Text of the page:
So, what do new grad students need to know?
I’m a new graduate student.
As such, I just spent the past week being properly oriented for the journey I’m about to undertake. It’ll be (in the words of various orientation presenters) amazing, hard, depressing, enlightening, enriching … basically, a grab bag of adjectives! In between the heartwarming-if-cliche welcome speeches, excited conversations with fellow newbies, and getting lost in the tunnels under MIT, I’d like to think I picked up some useful tidbits of information.
Expectations and communication
The biggest thing is to communicate. Surprise! Who would’ve thought that the key to successfully working with your colleagues, classmates, labmates, and advisor would be to communicate with them? The top three pieces of advice:
- Tell your advisor/classmates/colleagues what to expect of you.
- Ask what to expect of your advisor/classmates/colleagues.
- Be your own advocate.
For example, if you run marathons and thus go for a long run every day at noon, tell your advisor and labmates this. That way, they don’t expect to find you in the lab when you’re out running. They might tell you that they have three kids and leave work every day at 6pm sharp — so don’t schedule meetings after 5pm. Or that they’re so not a morning person, so never expect to see them working before noon — but if you need something at 3am, they’re the person to contact.
It’s not just about when to expect to see people in the lab. Ask about communication styles. Does this person like emails? Phone calls? Meetings? Texts? Some people prefer a quick five-minute conversation in person to a lengthy email exchange. Ask what this person’s expectations are about you. Does your advisor expect to see you in the lab eight hours a day? Does your labmate expect you to help out on project XYZ? Ask questions whenever you’re unsure of something. After all, every relationship is different. So what works for this relationship?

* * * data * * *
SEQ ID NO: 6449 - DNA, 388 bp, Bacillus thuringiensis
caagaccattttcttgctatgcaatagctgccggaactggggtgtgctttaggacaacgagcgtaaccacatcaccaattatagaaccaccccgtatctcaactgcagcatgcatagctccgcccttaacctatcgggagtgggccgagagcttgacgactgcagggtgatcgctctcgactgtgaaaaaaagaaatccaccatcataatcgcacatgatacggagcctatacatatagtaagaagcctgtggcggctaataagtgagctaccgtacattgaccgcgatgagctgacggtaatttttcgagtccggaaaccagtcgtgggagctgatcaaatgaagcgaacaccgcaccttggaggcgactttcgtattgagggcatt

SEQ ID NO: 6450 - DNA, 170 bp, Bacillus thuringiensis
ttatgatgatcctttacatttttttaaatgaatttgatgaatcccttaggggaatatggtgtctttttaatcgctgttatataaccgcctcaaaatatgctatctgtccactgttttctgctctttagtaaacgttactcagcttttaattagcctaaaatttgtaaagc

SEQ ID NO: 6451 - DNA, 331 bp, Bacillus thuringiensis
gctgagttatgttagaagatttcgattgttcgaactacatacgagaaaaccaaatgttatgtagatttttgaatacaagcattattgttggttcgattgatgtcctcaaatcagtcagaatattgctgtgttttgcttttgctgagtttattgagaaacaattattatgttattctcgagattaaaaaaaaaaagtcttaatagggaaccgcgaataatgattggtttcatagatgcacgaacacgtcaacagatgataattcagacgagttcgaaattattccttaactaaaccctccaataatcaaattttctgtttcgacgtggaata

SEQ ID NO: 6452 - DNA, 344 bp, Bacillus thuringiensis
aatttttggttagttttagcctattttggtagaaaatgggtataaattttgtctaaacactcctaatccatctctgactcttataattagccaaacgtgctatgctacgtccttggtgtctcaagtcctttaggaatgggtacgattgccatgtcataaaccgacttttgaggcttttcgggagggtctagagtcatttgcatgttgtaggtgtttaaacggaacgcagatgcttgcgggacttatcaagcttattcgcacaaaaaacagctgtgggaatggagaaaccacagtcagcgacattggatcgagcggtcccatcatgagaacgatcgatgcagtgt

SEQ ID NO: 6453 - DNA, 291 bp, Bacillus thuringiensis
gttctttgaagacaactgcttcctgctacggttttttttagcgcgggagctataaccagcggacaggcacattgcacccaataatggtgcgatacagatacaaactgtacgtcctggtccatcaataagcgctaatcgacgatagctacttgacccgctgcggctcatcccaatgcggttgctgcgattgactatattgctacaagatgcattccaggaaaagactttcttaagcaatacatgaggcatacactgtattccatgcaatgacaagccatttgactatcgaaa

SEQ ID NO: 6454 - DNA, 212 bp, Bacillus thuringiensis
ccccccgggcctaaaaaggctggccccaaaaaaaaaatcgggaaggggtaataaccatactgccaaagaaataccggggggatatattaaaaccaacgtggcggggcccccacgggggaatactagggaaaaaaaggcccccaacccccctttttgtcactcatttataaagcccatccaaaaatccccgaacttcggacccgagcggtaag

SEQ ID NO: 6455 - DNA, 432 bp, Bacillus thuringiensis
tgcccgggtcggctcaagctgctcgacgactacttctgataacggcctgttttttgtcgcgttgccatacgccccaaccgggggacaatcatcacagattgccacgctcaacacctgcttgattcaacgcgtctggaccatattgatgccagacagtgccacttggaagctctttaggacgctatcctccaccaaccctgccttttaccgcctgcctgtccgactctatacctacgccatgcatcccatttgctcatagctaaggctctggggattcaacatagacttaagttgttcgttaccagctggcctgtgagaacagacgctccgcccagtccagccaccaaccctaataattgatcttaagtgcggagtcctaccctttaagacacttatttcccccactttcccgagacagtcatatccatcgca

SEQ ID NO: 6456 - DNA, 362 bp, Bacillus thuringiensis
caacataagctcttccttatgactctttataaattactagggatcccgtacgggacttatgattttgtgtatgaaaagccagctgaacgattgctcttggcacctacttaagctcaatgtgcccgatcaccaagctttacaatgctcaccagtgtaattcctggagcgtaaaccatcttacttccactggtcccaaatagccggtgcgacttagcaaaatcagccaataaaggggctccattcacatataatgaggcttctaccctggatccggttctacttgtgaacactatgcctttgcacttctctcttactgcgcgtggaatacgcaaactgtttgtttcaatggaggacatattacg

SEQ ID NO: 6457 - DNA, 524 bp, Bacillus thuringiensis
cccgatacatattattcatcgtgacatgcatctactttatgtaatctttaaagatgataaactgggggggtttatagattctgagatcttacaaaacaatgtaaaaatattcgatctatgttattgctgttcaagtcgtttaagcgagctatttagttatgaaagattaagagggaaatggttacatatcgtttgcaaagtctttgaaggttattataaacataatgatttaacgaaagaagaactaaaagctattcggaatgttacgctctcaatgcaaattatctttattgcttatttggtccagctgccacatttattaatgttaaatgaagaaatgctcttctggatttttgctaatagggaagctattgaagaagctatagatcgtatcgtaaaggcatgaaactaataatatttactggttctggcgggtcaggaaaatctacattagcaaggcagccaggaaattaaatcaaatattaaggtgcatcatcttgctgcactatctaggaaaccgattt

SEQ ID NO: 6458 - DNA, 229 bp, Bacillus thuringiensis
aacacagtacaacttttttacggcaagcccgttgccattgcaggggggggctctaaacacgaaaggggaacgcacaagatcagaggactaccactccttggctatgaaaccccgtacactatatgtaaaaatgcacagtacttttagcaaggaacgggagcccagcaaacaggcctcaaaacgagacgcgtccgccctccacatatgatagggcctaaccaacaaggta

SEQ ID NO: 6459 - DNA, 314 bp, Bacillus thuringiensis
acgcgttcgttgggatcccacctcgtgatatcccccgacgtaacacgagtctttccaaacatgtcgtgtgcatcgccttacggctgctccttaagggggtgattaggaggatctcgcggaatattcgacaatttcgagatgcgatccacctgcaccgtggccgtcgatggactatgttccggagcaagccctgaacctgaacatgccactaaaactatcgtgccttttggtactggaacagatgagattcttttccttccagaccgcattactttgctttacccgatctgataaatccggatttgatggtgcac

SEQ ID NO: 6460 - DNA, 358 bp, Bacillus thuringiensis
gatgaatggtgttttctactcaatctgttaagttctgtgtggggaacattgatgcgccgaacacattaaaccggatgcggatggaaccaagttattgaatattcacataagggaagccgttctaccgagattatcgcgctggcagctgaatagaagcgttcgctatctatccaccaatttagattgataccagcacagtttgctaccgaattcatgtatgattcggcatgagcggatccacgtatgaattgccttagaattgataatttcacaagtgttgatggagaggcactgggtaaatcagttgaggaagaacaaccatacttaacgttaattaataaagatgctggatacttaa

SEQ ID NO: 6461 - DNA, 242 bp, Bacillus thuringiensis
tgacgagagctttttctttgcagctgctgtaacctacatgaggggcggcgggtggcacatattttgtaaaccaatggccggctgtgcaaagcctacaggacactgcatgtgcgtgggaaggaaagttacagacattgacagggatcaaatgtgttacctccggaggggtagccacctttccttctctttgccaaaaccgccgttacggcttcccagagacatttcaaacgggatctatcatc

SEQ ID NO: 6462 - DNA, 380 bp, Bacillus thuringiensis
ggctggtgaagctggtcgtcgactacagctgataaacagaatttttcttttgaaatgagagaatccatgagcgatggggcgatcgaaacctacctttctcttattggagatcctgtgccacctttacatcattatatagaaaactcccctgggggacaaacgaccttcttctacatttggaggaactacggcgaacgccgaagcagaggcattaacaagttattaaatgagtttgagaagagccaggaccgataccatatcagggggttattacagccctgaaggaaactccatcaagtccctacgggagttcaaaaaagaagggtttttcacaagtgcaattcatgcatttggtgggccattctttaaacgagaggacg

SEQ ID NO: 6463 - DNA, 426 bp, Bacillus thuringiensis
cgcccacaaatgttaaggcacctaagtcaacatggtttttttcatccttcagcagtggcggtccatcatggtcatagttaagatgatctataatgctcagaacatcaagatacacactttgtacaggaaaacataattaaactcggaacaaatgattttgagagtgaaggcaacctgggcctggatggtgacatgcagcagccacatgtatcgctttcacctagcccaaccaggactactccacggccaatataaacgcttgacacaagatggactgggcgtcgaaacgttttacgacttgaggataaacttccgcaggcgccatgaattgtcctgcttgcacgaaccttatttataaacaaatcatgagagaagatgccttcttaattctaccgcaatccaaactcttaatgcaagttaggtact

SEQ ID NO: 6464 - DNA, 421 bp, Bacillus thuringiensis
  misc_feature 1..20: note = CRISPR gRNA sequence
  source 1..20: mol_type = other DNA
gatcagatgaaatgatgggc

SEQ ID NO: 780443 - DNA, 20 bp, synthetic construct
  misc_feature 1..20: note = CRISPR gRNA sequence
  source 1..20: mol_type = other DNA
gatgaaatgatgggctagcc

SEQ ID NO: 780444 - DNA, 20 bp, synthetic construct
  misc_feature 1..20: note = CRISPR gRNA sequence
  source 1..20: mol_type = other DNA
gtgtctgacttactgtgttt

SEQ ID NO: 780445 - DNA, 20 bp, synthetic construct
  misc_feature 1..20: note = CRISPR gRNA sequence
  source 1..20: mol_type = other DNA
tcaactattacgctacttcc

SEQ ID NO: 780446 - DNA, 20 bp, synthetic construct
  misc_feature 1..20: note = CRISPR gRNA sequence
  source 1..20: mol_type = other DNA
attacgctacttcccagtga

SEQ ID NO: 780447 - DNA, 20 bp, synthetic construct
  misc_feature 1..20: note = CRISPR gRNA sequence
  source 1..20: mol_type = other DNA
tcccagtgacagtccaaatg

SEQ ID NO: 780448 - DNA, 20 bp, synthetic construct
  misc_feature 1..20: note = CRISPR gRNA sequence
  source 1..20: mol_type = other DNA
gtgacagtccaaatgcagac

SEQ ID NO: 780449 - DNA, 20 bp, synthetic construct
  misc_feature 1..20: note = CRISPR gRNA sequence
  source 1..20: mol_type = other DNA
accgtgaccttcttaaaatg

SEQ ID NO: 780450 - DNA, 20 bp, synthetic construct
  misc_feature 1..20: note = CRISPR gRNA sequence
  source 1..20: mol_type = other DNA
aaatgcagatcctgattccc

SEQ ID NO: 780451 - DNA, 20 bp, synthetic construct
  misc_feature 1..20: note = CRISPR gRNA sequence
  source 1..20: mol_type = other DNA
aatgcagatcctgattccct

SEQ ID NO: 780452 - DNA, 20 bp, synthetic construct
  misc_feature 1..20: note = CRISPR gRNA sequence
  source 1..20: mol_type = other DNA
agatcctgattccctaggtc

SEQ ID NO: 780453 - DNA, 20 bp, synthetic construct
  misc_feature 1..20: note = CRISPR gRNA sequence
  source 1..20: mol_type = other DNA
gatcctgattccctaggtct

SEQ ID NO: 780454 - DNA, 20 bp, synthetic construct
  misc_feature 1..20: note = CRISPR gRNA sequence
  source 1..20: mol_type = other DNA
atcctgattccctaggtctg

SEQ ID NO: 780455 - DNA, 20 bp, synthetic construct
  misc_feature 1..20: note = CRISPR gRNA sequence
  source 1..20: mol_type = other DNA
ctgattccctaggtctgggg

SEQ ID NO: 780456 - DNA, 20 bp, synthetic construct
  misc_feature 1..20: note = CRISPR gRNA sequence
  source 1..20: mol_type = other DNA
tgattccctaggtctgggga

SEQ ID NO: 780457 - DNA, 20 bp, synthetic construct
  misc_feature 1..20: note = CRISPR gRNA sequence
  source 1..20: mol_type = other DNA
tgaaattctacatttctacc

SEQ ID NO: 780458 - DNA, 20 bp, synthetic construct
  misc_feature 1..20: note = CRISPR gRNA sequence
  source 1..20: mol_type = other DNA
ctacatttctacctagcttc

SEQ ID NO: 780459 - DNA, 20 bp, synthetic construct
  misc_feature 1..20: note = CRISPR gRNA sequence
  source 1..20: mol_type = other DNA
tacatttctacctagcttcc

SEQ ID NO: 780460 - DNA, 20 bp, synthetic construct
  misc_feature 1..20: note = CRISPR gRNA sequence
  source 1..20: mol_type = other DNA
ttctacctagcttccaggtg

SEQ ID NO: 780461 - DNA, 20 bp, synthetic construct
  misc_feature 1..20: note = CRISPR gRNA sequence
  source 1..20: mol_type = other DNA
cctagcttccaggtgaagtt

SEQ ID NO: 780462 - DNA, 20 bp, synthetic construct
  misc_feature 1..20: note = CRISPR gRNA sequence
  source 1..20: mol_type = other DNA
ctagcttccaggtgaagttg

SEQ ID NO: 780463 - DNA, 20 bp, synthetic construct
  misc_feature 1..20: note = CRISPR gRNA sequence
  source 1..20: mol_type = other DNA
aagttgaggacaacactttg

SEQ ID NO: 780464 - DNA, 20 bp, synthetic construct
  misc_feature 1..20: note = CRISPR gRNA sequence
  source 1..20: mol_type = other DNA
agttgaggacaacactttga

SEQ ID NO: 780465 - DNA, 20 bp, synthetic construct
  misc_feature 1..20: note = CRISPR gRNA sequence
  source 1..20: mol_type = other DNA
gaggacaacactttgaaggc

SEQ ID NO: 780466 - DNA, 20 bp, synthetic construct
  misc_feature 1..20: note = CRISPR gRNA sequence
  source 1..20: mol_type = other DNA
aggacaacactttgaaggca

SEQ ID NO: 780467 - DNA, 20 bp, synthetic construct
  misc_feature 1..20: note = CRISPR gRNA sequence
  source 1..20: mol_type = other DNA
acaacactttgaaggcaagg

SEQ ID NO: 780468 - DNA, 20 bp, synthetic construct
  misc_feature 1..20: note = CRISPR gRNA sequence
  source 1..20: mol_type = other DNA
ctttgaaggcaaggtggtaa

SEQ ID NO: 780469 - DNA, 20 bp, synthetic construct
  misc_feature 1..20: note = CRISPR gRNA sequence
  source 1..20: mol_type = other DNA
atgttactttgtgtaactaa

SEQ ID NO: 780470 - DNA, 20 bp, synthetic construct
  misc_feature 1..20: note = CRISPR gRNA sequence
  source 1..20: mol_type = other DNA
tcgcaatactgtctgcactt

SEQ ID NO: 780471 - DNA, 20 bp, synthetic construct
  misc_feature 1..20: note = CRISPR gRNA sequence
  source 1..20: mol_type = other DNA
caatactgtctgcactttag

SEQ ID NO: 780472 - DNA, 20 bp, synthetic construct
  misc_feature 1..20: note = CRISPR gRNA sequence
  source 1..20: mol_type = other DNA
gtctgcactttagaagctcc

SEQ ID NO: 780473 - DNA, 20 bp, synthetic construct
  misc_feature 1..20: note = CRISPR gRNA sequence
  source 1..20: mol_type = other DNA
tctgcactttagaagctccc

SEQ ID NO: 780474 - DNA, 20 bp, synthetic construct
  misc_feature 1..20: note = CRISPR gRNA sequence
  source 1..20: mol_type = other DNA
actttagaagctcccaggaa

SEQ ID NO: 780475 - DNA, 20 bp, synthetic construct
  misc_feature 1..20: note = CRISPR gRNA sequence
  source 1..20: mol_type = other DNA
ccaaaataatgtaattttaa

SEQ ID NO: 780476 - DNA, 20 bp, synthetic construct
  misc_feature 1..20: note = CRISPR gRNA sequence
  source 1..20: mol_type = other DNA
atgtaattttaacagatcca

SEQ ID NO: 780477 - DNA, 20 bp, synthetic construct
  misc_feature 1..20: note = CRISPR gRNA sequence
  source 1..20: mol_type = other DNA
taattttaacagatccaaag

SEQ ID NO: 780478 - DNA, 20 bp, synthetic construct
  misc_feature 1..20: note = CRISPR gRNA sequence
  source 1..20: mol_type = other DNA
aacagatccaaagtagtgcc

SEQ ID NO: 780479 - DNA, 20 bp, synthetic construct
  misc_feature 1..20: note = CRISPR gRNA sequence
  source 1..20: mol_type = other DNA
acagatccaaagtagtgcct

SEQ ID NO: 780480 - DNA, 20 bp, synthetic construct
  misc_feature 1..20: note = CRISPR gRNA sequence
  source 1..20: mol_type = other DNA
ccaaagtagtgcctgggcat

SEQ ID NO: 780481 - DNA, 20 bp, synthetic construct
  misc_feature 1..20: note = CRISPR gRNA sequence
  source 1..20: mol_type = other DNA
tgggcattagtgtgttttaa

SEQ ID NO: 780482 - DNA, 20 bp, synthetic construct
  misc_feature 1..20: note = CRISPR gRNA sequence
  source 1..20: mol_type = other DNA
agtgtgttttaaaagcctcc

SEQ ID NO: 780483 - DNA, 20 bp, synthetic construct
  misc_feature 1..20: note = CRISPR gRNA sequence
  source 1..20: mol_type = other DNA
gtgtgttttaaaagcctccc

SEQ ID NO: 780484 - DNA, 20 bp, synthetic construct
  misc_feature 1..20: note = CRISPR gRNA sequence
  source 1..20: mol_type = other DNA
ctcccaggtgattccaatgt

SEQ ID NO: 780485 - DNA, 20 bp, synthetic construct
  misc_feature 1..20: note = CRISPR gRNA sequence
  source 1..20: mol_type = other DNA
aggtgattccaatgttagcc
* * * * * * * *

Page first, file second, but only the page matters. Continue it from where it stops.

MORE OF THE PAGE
The key is to share enough relevant information with each other to know what to expect. Be up front about who you are, what you do with your time, and what you want to get out of the situation or the relationship. This way, no one’s left wondering. If everyone knows what to expect, you won’t get into a situation where someone’s upset because they didn’t get what they were expecting.
Communicate both when things are going well and when they’re not. If you’re working on a project with someone, give regular updates on your progress — whether you’ve achieved awesome results, or are stuck in a rut. Sometimes, the person you’re working with can help you out of the rut. I worked with someone once who said, if you don’t update me, I’ll assume you’re not working. While that’s not true of everyone, make sure the relevant people know what you’re up to.
If you remember one thing, remember this: People assume too much. People will build up their own image of you whether or not you tell them anything. So be proactive. Be your own advocate. Make sure they build up an image that correctly reflects reality.
- Leave your lab. Make a point of getting out of your lab, out of your department, and meeting people. Meet people from everywhere! You can meet people through campus-wide events, lectures, your classes, clubs, outside activities… pretty much anywhere there are people, really.
- Leave your comfort zone. Try new things. Try hard things. Learn.
- It’ll be hard, but that’s okay. The orientation events I attended had a common theme — grad school is hard. Grad school is supposed to be hard. You may not be motivated every step of the way. The key is persistence and perseverance. Find ways of keeping yourself on track. And:
- Take care of yourself. Don’t put the rest of your life on hold. Leave the lab once in a while. Do outside activities — whether that’s walking your dog, spending time with your family, or backpacking in Kenya. What do you enjoy besides your research? Make time for it. It’ll help keep you sane.